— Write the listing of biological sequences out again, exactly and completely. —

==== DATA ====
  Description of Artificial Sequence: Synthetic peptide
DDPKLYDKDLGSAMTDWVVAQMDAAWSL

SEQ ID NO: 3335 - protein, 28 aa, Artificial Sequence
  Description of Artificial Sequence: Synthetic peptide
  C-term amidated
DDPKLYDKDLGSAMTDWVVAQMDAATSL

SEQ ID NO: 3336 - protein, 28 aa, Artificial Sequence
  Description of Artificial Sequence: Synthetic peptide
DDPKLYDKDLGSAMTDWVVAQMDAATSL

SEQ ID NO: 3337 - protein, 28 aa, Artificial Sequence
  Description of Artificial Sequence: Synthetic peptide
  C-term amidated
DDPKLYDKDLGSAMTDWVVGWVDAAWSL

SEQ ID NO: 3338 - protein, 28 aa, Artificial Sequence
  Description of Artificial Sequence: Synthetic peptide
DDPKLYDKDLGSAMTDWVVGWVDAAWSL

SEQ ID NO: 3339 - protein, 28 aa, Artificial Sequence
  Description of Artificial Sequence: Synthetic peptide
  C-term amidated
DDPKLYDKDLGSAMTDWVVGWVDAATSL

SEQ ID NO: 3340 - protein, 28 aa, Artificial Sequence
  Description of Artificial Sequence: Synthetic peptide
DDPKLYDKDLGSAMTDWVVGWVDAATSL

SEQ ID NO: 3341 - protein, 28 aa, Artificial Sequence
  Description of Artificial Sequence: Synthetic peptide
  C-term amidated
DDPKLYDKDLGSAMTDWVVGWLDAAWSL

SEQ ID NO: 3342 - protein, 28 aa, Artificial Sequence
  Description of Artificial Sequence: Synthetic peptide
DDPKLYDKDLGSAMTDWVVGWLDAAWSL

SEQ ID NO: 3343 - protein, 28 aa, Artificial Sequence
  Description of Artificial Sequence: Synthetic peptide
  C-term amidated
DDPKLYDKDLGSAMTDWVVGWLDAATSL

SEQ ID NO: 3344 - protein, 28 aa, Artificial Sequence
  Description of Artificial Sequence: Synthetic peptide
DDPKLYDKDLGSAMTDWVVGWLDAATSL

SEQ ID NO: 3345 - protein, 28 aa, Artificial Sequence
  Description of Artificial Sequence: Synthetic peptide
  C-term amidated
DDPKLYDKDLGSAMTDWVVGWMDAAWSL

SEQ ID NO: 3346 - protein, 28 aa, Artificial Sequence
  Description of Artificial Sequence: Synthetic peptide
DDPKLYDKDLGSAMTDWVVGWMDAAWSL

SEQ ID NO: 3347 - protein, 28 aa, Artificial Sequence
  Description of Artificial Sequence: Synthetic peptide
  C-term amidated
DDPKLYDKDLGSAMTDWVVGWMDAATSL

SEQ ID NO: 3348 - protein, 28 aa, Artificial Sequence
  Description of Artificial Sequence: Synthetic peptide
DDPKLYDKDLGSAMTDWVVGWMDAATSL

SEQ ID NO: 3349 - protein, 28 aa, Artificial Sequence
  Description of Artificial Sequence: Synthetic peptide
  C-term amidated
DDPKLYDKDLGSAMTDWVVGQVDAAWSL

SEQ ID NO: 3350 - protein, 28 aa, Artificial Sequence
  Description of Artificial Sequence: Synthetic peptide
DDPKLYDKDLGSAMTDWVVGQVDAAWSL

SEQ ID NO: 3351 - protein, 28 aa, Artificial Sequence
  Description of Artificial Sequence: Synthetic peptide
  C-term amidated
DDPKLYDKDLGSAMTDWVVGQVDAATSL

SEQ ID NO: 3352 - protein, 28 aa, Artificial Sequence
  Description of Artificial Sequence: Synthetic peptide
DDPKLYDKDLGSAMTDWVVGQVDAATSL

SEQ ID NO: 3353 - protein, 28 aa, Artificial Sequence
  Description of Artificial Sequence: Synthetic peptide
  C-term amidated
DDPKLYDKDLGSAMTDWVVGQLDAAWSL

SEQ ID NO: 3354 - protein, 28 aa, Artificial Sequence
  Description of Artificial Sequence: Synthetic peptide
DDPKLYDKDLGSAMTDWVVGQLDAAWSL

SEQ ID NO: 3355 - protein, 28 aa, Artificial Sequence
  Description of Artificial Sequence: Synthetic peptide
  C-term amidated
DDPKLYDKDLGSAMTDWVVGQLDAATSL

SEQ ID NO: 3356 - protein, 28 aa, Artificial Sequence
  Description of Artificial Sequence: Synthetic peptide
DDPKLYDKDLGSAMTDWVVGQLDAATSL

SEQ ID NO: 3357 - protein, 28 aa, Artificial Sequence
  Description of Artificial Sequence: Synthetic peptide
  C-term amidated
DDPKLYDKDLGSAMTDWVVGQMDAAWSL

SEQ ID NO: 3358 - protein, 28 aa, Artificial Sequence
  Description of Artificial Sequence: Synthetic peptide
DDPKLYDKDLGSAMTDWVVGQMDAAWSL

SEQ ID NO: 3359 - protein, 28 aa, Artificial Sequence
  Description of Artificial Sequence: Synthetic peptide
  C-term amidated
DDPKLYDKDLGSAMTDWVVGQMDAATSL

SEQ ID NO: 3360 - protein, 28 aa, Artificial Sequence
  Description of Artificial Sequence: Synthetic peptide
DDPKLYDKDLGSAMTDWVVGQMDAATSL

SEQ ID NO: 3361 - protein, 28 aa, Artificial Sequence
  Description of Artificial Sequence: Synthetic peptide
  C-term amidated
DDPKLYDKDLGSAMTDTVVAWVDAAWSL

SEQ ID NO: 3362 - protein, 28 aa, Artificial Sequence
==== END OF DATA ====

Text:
  Description of Artificial Sequence: Synthetic peptide
DDPKLYDKDLGSAMTDWVVAQMDAAWSL

SEQ ID NO: 3335 - protein, 28 aa, Artificial Sequence
  Description of Artificial Sequence: Synthetic peptide
  C-term amidated
DDPKLYDKDLGSAMTDWVVAQMDAATSL

SEQ ID NO: 3336 - protein, 28 aa, Artificial Sequence
  Description of Artificial Sequence: Synthetic peptide
DDPKLYDKDLGSAMTDWVVAQMDAATSL

SEQ ID NO: 3337 - protein, 28 aa, Artificial Sequence
  Description of Artificial Sequence: Synthetic peptide
  C-term amidated
DDPKLYDKDLGSAMTDWVVGWVDAAWSL

SEQ ID NO: 3338 - protein, 28 aa, Artificial Sequence
  Description of Artificial Sequence: Synthetic peptide
DDPKLYDKDLGSAMTDWVVGWVDAAWSL

SEQ ID NO: 3339 - protein, 28 aa, Artificial Sequence
  Description of Artificial Sequence: Synthetic peptide
  C-term amidated
DDPKLYDKDLGSAMTDWVVGWVDAATSL

SEQ ID NO: 3340 - protein, 28 aa, Artificial Sequence
  Description of Artificial Sequence: Synthetic peptide
DDPKLYDKDLGSAMTDWVVGWVDAATSL

SEQ ID NO: 3341 - protein, 28 aa, Artificial Sequence
  Description of Artificial Sequence: Synthetic peptide
  C-term amidated
DDPKLYDKDLGSAMTDWVVGWLDAAWSL

SEQ ID NO: 3342 - protein, 28 aa, Artificial Sequence
  Description of Artificial Sequence: Synthetic peptide
DDPKLYDKDLGSAMTDWVVGWLDAAWSL

SEQ ID NO: 3343 - protein, 28 aa, Artificial Sequence
  Description of Artificial Sequence: Synthetic peptide
  C-term amidated
DDPKLYDKDLGSAMTDWVVGWLDAATSL

SEQ ID NO: 3344 - protein, 28 aa, Artificial Sequence
  Description of Artificial Sequence: Synthetic peptide
DDPKLYDKDLGSAMTDWVVGWLDAATSL

SEQ ID NO: 3345 - protein, 28 aa, Artificial Sequence
  Description of Artificial Sequence: Synthetic peptide
  C-term amidated
DDPKLYDKDLGSAMTDWVVGWMDAAWSL

SEQ ID NO: 3346 - protein, 28 aa, Artificial Sequence
  Description of Artificial Sequence: Synthetic peptide
DDPKLYDKDLGSAMTDWVVGWMDAAWSL

SEQ ID NO: 3347 - protein, 28 aa, Artificial Sequence
  Description of Artificial Sequence: Synthetic peptide
  C-term amidated
DDPKLYDKDLGSAMTDWVVGWMDAATSL

SEQ ID NO: 3348 - protein, 28 aa, Artificial Sequence
  Description of Artificial Sequence: Synthetic peptide
DDPKLYDKDLGSAMTDWVVGWMDAATSL

SEQ ID NO: 3349 - protein, 28 aa, Artificial Sequence
  Description of Artificial Sequence: Synthetic peptide
  C-term amidated
DDPKLYDKDLGSAMTDWVVGQVDAAWSL

SEQ ID NO: 3350 - protein, 28 aa, Artificial Sequence
  Description of Artificial Sequence: Synthetic peptide
DDPKLYDKDLGSAMTDWVVGQVDAAWSL

SEQ ID NO: 3351 - protein, 28 aa, Artificial Sequence
  Description of Artificial Sequence: Synthetic peptide
  C-term amidated
DDPKLYDKDLGSAMTDWVVGQVDAATSL

SEQ ID NO: 3352 - protein, 28 aa, Artificial Sequence
  Description of Artificial Sequence: Synthetic peptide
DDPKLYDKDLGSAMTDWVVGQVDAATSL

SEQ ID NO: 3353 - protein, 28 aa, Artificial Sequence
  Description of Artificial Sequence: Synthetic peptide
  C-term amidated
DDPKLYDKDLGSAMTDWVVGQLDAAWSL

SEQ ID NO: 3354 - protein, 28 aa, Artificial Sequence
  Description of Artificial Sequence: Synthetic peptide
DDPKLYDKDLGSAMTDWVVGQLDAAWSL

SEQ ID NO: 3355 - protein, 28 aa, Artificial Sequence
  Description of Artificial Sequence: Synthetic peptide
  C-term amidated
DDPKLYDKDLGSAMTDWVVGQLDAATSL

SEQ ID NO: 3356 - protein, 28 aa, Artificial Sequence
  Description of Artificial Sequence: Synthetic peptide
DDPKLYDKDLGSAMTDWVVGQLDAATSL

SEQ ID NO: 3357 - protein, 28 aa, Artificial Sequence
  Description of Artificial Sequence: Synthetic peptide
  C-term amidated
DDPKLYDKDLGSAMTDWVVGQMDAAWSL

SEQ ID NO: 3358 - protein, 28 aa, Artificial Sequence
  Description of Artificial Sequence: Synthetic peptide
DDPKLYDKDLGSAMTDWVVGQMDAAWSL

SEQ ID NO: 3359 - protein, 28 aa, Artificial Sequence
  Description of Artificial Sequence: Synthetic peptide
  C-term amidated
DDPKLYDKDLGSAMTDWVVGQMDAATSL

SEQ ID NO: 3360 - protein, 28 aa, Artificial Sequence
  Description of Artificial Sequence: Synthetic peptide
DDPKLYDKDLGSAMTDWVVGQMDAATSL

SEQ ID NO: 3361 - protein, 28 aa, Artificial Sequence
  Description of Artificial Sequence: Synthetic peptide
  C-term amidated
DDPKLYDKDLGSAMTDTVVAWVDAAWSL

SEQ ID NO: 3362 - protein, 28 aa, Artificial Sequence